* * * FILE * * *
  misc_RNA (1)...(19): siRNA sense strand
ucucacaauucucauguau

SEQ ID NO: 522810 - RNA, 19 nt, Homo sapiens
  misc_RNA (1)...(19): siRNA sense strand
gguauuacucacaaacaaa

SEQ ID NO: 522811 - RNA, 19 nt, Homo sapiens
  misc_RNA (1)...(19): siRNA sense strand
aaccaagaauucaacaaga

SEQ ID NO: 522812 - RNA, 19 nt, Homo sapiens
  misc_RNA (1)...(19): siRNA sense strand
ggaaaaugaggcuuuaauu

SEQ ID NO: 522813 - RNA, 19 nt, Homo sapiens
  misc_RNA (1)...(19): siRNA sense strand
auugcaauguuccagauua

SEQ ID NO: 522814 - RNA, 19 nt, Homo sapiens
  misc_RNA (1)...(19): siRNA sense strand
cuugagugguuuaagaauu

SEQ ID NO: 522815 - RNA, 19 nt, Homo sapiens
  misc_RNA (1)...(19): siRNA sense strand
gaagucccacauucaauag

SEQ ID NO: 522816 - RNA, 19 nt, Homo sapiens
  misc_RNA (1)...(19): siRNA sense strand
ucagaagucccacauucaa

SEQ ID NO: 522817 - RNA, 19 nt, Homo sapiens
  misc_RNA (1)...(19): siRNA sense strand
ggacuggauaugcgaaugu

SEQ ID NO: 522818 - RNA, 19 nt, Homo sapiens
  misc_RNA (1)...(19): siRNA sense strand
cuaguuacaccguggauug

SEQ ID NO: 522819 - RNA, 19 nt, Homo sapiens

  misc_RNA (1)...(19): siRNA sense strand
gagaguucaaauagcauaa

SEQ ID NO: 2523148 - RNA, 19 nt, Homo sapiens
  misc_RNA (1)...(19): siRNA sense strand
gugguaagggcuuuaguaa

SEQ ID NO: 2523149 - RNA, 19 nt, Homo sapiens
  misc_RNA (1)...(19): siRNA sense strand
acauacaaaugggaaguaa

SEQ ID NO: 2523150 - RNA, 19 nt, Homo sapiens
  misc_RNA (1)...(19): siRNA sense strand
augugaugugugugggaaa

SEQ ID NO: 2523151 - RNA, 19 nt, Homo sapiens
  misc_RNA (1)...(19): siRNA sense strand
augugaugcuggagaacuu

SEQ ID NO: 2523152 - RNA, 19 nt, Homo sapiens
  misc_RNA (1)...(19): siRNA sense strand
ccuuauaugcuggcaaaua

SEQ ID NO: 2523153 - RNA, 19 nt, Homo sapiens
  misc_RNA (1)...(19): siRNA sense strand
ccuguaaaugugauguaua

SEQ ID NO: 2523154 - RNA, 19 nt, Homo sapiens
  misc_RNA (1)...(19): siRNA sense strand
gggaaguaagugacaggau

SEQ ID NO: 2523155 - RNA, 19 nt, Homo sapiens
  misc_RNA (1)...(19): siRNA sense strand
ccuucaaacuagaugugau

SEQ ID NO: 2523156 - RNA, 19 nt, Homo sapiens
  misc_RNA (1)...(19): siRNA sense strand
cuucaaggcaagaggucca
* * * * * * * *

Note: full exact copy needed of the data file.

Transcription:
  misc_RNA (1)...(19): siRNA sense strand
ucucacaauucucauguau

SEQ ID NO: 522810 - RNA, 19 nt, Homo sapiens
  misc_RNA (1)...(19): siRNA sense strand
gguauuacucacaaacaaa

SEQ ID NO: 522811 - RNA, 19 nt, Homo sapiens
  misc_RNA (1)...(19): siRNA sense strand
aaccaagaauucaacaaga

SEQ ID NO: 522812 - RNA, 19 nt, Homo sapiens
  misc_RNA (1)...(19): siRNA sense strand
ggaaaaugaggcuuuaauu

SEQ ID NO: 522813 - RNA, 19 nt, Homo sapiens
  misc_RNA (1)...(19): siRNA sense strand
auugcaauguuccagauua

SEQ ID NO: 522814 - RNA, 19 nt, Homo sapiens
  misc_RNA (1)...(19): siRNA sense strand
cuugagugguuuaagaauu

SEQ ID NO: 522815 - RNA, 19 nt, Homo sapiens
  misc_RNA (1)...(19): siRNA sense strand
gaagucccacauucaauag

SEQ ID NO: 522816 - RNA, 19 nt, Homo sapiens
  misc_RNA (1)...(19): siRNA sense strand
ucagaagucccacauucaa

SEQ ID NO: 522817 - RNA, 19 nt, Homo sapiens
  misc_RNA (1)...(19): siRNA sense strand
ggacuggauaugcgaaugu

SEQ ID NO: 522818 - RNA, 19 nt, Homo sapiens
  misc_RNA (1)...(19): siRNA sense strand
cuaguuacaccguggauug

SEQ ID NO: 522819 - RNA, 19 nt, Homo sapiens

  misc_RNA (1)...(19): siRNA sense strand
gagaguucaaauagcauaa

SEQ ID NO: 2523148 - RNA, 19 nt, Homo sapiens
  misc_RNA (1)...(19): siRNA sense strand
gugguaagggcuuuaguaa

SEQ ID NO: 2523149 - RNA, 19 nt, Homo sapiens
  misc_RNA (1)...(19): siRNA sense strand
acauacaaaugggaaguaa

SEQ ID NO: 2523150 - RNA, 19 nt, Homo sapiens
  misc_RNA (1)...(19): siRNA sense strand
augugaugugugugggaaa

SEQ ID NO: 2523151 - RNA, 19 nt, Homo sapiens
  misc_RNA (1)...(19): siRNA sense strand
augugaugcuggagaacuu

SEQ ID NO: 2523152 - RNA, 19 nt, Homo sapiens
  misc_RNA (1)...(19): siRNA sense strand
ccuuauaugcuggcaaaua

SEQ ID NO: 2523153 - RNA, 19 nt, Homo sapiens
  misc_RNA (1)...(19): siRNA sense strand
ccuguaaaugugauguaua

SEQ ID NO: 2523154 - RNA, 19 nt, Homo sapiens
  misc_RNA (1)...(19): siRNA sense strand
gggaaguaagugacaggau

SEQ ID NO: 2523155 - RNA, 19 nt, Homo sapiens
  misc_RNA (1)...(19): siRNA sense strand
ccuucaaacuagaugugau

SEQ ID NO: 2523156 - RNA, 19 nt, Homo sapiens
  misc_RNA (1)...(19): siRNA sense strand
cuucaaggcaagaggucca